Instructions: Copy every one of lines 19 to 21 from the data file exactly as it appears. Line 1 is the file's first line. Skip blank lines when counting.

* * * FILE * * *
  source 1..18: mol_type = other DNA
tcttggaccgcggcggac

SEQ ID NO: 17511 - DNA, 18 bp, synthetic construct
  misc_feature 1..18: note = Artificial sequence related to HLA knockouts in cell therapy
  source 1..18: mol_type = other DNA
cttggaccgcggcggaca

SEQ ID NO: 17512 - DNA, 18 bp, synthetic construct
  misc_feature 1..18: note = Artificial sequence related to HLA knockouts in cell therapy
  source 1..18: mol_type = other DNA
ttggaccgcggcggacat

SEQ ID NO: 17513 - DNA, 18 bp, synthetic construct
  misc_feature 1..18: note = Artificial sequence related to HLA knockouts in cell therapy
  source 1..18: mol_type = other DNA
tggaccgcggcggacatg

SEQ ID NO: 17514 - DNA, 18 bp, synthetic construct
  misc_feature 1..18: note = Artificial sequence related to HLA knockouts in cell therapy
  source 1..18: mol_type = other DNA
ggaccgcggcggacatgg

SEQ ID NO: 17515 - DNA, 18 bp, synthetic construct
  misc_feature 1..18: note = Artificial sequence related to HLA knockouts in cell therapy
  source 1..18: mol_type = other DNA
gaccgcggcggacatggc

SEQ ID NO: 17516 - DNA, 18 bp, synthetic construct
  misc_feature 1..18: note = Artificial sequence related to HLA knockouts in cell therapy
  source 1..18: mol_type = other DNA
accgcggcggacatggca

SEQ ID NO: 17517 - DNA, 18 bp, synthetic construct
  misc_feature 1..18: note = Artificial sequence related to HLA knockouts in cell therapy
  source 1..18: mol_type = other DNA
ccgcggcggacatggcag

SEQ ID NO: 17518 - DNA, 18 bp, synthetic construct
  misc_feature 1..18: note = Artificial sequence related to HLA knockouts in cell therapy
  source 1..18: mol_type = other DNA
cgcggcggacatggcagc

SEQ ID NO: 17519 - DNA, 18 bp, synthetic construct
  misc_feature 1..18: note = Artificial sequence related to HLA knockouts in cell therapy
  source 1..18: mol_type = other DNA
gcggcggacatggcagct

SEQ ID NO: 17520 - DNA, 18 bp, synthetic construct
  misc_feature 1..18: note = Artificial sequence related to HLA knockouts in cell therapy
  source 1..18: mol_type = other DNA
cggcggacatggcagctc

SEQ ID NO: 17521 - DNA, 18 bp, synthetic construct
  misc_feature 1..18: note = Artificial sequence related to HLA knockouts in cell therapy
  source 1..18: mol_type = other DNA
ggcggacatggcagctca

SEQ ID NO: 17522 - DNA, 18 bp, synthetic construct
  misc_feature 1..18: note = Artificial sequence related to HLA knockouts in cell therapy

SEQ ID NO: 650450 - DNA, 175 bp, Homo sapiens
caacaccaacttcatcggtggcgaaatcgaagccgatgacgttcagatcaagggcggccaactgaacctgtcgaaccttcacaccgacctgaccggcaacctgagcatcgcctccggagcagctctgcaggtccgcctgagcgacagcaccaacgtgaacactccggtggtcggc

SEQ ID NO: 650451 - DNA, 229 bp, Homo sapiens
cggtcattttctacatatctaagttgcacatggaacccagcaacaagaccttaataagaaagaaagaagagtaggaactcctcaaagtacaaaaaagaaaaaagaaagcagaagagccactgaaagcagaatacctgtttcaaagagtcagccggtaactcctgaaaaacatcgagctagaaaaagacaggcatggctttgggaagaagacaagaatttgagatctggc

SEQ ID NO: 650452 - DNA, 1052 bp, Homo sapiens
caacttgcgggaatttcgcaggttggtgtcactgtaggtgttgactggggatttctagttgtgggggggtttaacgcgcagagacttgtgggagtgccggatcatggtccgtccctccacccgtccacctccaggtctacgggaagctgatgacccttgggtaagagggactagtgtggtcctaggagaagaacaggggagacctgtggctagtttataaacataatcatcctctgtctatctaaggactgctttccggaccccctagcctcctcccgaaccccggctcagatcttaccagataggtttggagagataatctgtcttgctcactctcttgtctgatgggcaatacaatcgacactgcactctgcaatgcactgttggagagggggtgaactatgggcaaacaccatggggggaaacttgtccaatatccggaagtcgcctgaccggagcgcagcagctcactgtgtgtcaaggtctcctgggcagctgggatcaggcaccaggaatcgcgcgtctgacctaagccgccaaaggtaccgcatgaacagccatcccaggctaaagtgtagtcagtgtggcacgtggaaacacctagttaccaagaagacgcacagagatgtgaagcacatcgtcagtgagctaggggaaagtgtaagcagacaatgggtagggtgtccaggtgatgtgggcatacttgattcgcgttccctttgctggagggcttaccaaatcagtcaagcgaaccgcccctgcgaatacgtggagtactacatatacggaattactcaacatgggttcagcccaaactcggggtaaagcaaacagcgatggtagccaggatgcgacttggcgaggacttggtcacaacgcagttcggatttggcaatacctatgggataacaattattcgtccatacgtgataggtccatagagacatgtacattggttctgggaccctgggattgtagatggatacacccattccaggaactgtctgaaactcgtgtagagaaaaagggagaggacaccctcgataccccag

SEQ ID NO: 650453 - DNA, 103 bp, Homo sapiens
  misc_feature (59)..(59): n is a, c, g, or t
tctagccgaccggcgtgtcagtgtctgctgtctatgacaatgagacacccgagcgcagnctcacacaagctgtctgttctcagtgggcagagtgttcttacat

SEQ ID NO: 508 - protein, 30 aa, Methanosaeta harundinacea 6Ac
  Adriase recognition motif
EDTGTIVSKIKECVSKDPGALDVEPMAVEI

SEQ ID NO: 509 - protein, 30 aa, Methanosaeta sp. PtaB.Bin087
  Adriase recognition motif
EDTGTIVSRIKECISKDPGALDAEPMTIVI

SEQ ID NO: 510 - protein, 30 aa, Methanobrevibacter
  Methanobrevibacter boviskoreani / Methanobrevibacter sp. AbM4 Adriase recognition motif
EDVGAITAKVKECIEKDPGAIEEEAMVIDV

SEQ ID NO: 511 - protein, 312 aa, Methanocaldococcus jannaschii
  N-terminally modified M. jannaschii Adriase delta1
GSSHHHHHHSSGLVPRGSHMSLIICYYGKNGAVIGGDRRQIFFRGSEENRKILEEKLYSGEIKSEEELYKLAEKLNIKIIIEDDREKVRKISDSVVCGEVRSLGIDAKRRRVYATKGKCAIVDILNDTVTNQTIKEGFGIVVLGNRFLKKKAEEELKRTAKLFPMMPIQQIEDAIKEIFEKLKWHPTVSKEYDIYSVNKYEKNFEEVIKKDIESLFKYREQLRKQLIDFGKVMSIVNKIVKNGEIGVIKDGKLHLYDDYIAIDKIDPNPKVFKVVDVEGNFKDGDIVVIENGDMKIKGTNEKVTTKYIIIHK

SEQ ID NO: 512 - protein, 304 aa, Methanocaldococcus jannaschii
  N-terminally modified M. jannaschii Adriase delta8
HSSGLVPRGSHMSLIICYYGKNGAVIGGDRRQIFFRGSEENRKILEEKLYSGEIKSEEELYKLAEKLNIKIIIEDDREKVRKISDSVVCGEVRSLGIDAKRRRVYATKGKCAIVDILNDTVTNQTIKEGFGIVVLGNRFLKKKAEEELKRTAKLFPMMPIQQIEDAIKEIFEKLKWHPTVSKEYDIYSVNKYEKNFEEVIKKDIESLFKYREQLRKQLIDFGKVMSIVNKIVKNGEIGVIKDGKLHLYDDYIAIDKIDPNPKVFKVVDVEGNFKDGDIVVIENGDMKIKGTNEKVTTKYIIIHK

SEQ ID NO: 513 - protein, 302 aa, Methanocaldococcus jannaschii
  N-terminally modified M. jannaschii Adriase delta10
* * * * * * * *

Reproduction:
SEQ ID NO: 17515 - DNA, 18 bp, synthetic construct
  misc_feature 1..18: note = Artificial sequence related to HLA knockouts in cell therapy
  source 1..18: mol_type = other DNA